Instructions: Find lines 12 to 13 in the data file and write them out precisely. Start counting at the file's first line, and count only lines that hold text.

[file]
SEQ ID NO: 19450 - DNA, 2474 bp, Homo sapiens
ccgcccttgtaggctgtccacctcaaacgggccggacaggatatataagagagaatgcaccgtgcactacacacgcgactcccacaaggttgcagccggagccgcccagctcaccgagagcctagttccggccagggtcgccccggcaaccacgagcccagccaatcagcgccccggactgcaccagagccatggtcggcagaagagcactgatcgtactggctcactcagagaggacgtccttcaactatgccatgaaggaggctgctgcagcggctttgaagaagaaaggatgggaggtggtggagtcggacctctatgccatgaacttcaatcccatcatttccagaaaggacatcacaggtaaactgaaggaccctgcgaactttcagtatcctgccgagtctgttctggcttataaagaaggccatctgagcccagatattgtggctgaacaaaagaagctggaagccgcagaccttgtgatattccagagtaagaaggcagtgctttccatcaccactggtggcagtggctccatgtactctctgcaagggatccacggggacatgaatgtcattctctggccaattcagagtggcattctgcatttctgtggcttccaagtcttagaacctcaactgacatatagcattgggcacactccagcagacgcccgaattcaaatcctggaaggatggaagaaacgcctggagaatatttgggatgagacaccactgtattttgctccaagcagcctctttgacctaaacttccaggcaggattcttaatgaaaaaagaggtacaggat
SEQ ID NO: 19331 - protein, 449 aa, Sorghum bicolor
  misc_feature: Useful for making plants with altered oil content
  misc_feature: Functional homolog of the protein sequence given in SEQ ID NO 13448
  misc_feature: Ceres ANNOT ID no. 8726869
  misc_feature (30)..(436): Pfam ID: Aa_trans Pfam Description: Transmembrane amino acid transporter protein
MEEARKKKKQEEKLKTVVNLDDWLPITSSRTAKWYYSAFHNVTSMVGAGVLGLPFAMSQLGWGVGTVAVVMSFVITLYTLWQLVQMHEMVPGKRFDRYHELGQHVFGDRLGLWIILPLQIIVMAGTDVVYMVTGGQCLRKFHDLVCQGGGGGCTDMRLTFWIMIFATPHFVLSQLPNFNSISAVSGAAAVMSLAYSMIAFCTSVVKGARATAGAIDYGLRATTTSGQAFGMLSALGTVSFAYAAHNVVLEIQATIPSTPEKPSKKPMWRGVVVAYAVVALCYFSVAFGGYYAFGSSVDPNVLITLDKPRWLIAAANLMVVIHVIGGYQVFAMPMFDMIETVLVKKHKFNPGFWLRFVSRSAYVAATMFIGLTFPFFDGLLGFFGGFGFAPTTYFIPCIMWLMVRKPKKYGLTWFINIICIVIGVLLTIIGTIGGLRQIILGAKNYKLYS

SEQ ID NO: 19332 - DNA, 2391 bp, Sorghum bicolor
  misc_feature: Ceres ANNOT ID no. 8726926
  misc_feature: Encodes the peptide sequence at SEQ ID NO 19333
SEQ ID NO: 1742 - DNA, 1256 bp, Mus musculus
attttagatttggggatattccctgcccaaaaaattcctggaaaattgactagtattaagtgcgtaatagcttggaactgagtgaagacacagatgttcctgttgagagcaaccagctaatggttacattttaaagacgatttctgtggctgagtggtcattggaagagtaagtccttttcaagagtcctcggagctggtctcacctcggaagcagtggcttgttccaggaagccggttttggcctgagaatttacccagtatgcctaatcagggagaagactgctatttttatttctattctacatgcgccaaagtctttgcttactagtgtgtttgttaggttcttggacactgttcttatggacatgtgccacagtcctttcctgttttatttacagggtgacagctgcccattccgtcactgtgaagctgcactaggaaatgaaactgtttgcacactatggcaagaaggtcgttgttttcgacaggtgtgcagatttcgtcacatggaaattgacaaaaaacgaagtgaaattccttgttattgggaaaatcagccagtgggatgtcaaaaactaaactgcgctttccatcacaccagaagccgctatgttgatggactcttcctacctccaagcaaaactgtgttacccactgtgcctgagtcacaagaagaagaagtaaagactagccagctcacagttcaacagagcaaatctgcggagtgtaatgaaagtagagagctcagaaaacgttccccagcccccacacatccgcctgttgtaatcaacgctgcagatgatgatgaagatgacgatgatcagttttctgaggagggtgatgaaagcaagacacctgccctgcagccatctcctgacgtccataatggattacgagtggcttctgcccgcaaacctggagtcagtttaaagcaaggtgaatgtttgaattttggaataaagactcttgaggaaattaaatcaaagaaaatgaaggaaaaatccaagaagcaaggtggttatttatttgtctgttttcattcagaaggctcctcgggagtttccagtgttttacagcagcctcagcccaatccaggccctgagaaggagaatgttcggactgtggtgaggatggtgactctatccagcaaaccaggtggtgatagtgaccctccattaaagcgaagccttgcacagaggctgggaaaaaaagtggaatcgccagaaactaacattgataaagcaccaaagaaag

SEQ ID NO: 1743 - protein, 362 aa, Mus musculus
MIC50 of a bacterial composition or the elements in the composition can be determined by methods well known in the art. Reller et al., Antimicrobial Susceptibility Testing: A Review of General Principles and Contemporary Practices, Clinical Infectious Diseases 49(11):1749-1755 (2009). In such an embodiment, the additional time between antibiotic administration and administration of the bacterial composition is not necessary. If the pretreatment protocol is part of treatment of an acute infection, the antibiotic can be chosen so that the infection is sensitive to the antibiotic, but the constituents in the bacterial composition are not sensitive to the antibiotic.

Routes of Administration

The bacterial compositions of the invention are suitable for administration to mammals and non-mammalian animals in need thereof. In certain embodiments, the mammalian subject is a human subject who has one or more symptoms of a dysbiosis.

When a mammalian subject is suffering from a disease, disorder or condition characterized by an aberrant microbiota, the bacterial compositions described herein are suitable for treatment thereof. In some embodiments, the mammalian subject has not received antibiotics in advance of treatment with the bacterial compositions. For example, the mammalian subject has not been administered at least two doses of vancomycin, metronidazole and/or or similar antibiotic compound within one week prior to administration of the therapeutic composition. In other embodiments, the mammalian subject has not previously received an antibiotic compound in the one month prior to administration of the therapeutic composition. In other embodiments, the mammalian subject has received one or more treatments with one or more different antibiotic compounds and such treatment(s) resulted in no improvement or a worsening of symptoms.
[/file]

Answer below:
SEQ ID NO: 1742 - DNA, 1256 bp, Mus musculus
attttagatttggggatattccctgcccaaaaaattcctggaaaattgactagtattaagtgcgtaatagcttggaactgagtgaagacacagatgttcctgttgagagcaaccagctaatggttacattttaaagacgatttctgtggctgagtggtcattggaagagtaagtccttttcaagagtcctcggagctggtctcacctcggaagcagtggcttgttccaggaagccggttttggcctgagaatttacccagtatgcctaatcagggagaagactgctatttttatttctattctacatgcgccaaagtctttgcttactagtgtgtttgttaggttcttggacactgttcttatggacatgtgccacagtcctttcctgttttatttacagggtgacagctgcccattccgtcactgtgaagctgcactaggaaatgaaactgtttgcacactatggcaagaaggtcgttgttttcgacaggtgtgcagatttcgtcacatggaaattgacaaaaaacgaagtgaaattccttgttattgggaaaatcagccagtgggatgtcaaaaactaaactgcgctttccatcacaccagaagccgctatgttgatggactcttcctacctccaagcaaaactgtgttacccactgtgcctgagtcacaagaagaagaagtaaagactagccagctcacagttcaacagagcaaatctgcggagtgtaatgaaagtagagagctcagaaaacgttccccagcccccacacatccgcctgttgtaatcaacgctgcagatgatgatgaagatgacgatgatcagttttctgaggagggtgatgaaagcaagacacctgccctgcagccatctcctgacgtccataatggattacgagtggcttctgcccgcaaacctggagtcagtttaaagcaaggtgaatgtttgaattttggaataaagactcttgaggaaattaaatcaaagaaaatgaaggaaaaatccaagaagcaaggtggttatttatttgtctgttttcattcagaaggctcctcgggagtttccagtgttttacagcagcctcagcccaatccaggccctgagaaggagaatgttcggactgtggtgaggatggtgactctatccagcaaaccaggtggtgatagtgaccctccattaaagcgaagccttgcacagaggctgggaaaaaaagtggaatcgccagaaactaacattgataaagcaccaaagaaag